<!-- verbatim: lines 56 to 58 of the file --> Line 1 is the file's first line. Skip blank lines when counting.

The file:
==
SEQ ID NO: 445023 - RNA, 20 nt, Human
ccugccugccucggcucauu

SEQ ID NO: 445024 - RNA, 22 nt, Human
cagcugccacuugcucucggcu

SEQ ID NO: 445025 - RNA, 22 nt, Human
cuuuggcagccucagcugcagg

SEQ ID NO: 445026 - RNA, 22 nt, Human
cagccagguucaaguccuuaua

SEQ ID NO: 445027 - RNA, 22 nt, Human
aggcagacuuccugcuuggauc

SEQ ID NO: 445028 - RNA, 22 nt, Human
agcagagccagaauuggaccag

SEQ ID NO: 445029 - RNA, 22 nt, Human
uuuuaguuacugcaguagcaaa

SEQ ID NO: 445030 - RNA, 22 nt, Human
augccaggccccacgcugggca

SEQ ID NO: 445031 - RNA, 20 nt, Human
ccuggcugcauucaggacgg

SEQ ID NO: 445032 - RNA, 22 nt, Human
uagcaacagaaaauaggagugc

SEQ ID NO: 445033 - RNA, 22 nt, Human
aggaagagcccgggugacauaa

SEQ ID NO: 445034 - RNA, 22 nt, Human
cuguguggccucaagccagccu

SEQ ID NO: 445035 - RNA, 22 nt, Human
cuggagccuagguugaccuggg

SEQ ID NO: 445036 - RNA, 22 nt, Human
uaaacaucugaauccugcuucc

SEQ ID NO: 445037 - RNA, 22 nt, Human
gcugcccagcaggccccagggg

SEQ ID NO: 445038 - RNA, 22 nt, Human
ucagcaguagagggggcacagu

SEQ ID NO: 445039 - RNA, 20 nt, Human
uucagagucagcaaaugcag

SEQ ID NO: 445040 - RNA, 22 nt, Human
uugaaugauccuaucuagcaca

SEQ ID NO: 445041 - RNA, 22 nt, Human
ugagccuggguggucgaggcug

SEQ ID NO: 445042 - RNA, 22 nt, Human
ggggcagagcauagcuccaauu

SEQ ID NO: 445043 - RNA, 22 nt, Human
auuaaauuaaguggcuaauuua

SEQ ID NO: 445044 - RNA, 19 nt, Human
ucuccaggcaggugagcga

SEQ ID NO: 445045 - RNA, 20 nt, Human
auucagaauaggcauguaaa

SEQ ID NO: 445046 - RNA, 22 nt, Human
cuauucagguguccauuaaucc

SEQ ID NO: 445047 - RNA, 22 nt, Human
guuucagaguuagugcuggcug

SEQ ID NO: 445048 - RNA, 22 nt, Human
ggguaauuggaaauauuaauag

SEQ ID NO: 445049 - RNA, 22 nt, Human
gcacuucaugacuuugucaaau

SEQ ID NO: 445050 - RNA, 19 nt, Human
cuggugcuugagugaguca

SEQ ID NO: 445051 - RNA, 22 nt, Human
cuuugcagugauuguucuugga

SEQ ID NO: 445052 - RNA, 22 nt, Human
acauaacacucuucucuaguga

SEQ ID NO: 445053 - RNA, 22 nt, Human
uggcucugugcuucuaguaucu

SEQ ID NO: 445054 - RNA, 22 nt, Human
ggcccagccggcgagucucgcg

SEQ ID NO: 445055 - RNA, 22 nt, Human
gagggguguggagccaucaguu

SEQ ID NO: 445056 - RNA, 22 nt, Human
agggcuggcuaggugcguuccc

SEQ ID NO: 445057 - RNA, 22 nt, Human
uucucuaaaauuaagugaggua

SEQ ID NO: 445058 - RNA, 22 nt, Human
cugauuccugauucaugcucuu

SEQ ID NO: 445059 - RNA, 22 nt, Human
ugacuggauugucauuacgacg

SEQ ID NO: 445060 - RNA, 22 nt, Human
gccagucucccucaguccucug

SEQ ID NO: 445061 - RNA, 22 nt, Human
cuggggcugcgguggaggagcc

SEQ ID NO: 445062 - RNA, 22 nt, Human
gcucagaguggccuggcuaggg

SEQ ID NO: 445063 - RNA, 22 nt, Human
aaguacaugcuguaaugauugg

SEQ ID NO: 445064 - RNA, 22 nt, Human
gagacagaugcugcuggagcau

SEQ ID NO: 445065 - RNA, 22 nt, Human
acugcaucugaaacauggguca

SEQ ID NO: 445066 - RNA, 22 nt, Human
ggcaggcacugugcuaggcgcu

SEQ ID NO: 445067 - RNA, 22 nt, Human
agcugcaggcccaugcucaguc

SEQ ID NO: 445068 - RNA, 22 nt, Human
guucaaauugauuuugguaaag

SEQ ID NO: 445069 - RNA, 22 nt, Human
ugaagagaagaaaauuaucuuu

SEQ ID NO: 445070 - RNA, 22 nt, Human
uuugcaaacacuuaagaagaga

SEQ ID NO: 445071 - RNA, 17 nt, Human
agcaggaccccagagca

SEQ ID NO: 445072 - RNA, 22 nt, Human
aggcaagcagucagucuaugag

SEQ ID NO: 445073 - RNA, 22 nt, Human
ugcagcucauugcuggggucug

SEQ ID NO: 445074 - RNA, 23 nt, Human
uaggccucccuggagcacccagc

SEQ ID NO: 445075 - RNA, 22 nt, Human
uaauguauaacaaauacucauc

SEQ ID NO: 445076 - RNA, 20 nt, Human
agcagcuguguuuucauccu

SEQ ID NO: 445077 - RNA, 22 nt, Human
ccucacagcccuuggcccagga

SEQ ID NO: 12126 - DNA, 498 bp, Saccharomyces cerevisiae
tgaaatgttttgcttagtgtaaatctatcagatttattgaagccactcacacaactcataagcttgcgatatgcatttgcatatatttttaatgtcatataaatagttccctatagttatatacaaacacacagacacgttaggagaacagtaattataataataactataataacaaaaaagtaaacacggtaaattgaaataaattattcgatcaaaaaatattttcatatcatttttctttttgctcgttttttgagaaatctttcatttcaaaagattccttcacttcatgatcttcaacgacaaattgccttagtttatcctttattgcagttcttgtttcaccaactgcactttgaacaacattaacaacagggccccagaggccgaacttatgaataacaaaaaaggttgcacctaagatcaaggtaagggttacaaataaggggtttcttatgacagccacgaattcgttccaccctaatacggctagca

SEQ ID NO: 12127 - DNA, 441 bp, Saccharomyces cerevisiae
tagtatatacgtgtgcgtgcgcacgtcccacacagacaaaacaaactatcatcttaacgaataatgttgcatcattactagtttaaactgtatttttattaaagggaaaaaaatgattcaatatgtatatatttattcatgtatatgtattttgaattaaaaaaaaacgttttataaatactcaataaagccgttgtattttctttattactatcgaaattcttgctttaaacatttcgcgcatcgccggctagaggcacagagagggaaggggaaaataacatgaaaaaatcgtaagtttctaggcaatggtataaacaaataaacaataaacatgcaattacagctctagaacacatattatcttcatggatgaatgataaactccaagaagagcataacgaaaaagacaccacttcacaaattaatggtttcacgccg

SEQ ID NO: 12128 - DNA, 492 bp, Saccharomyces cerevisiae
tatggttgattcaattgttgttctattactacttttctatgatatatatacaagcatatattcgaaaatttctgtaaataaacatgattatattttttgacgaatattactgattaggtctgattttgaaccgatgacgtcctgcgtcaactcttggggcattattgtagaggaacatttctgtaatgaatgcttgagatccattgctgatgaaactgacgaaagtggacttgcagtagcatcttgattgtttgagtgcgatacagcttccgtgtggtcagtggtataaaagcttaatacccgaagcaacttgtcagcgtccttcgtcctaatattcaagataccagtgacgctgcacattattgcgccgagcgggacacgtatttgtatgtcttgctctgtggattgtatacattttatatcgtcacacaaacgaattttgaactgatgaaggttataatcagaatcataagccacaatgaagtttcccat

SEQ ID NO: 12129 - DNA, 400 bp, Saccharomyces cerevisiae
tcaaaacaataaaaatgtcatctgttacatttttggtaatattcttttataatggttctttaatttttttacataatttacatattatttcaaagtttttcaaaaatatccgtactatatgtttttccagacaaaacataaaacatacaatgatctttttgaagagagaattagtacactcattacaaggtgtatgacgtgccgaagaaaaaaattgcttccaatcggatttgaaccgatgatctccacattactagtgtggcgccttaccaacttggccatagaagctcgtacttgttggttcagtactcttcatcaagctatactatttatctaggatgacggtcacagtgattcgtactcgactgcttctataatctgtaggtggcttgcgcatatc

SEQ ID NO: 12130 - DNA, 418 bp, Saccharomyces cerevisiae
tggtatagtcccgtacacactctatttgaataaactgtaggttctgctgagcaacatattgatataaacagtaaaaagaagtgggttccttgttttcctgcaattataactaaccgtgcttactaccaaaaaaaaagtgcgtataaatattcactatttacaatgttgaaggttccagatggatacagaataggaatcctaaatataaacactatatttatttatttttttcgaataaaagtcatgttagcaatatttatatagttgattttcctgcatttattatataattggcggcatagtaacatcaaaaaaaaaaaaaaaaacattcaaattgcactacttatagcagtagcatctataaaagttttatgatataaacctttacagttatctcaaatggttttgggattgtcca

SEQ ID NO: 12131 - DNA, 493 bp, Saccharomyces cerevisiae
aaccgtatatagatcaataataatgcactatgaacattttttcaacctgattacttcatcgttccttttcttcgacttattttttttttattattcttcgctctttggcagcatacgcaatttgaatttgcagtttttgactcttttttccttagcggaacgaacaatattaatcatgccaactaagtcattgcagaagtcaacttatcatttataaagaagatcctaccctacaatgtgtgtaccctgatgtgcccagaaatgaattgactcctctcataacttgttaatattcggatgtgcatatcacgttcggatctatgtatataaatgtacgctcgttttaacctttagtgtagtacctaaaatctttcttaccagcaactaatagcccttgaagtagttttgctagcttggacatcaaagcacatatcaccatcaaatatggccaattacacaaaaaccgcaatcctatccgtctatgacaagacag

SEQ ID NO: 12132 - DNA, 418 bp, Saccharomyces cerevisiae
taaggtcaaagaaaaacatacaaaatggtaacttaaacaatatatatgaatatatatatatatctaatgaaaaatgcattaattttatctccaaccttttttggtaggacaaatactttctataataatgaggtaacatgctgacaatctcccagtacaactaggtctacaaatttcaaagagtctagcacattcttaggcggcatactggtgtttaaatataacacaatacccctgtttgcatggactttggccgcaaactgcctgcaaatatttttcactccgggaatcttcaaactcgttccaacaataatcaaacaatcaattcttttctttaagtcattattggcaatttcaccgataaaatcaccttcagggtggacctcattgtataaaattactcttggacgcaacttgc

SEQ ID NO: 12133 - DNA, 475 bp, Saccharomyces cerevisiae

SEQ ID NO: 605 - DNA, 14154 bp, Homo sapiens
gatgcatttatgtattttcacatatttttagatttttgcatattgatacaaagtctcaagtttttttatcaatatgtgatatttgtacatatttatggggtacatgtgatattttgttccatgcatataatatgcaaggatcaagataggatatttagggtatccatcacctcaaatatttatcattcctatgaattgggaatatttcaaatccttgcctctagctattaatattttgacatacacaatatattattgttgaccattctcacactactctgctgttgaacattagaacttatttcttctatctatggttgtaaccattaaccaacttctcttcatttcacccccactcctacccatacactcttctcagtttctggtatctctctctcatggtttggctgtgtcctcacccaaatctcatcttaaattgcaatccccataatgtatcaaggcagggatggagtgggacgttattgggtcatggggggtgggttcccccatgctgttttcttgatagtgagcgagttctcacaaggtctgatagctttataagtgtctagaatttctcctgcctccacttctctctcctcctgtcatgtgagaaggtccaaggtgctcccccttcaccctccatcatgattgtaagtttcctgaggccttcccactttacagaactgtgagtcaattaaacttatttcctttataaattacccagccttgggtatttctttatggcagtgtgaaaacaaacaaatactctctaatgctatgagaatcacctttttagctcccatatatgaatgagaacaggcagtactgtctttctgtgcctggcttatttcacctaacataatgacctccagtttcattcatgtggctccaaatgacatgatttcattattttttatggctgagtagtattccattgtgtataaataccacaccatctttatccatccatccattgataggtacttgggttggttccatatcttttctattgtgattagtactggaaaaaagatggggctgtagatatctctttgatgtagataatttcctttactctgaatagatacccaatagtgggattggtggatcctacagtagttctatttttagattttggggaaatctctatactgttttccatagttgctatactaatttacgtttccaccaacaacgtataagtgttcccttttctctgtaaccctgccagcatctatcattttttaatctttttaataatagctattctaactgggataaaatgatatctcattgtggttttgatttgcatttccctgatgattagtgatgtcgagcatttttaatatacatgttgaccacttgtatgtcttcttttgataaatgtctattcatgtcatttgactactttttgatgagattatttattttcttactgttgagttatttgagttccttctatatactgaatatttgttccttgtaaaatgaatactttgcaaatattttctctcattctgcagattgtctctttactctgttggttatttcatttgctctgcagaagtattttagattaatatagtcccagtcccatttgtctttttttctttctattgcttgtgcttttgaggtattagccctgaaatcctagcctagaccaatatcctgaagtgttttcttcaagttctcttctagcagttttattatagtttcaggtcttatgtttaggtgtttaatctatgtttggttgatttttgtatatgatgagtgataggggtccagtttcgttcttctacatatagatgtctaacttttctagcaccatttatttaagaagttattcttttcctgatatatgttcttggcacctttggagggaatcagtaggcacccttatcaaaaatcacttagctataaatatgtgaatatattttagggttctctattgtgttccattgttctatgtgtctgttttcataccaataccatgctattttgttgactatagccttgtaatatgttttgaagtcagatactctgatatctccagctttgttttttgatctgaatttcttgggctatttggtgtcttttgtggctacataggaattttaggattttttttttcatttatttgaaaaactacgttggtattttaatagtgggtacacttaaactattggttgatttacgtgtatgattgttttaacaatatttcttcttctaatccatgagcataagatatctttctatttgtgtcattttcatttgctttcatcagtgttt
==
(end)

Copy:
cuggugcuugagugaguca

SEQ ID NO: 445051 - RNA, 22 nt, Human
cuuugcagugauuguucuugga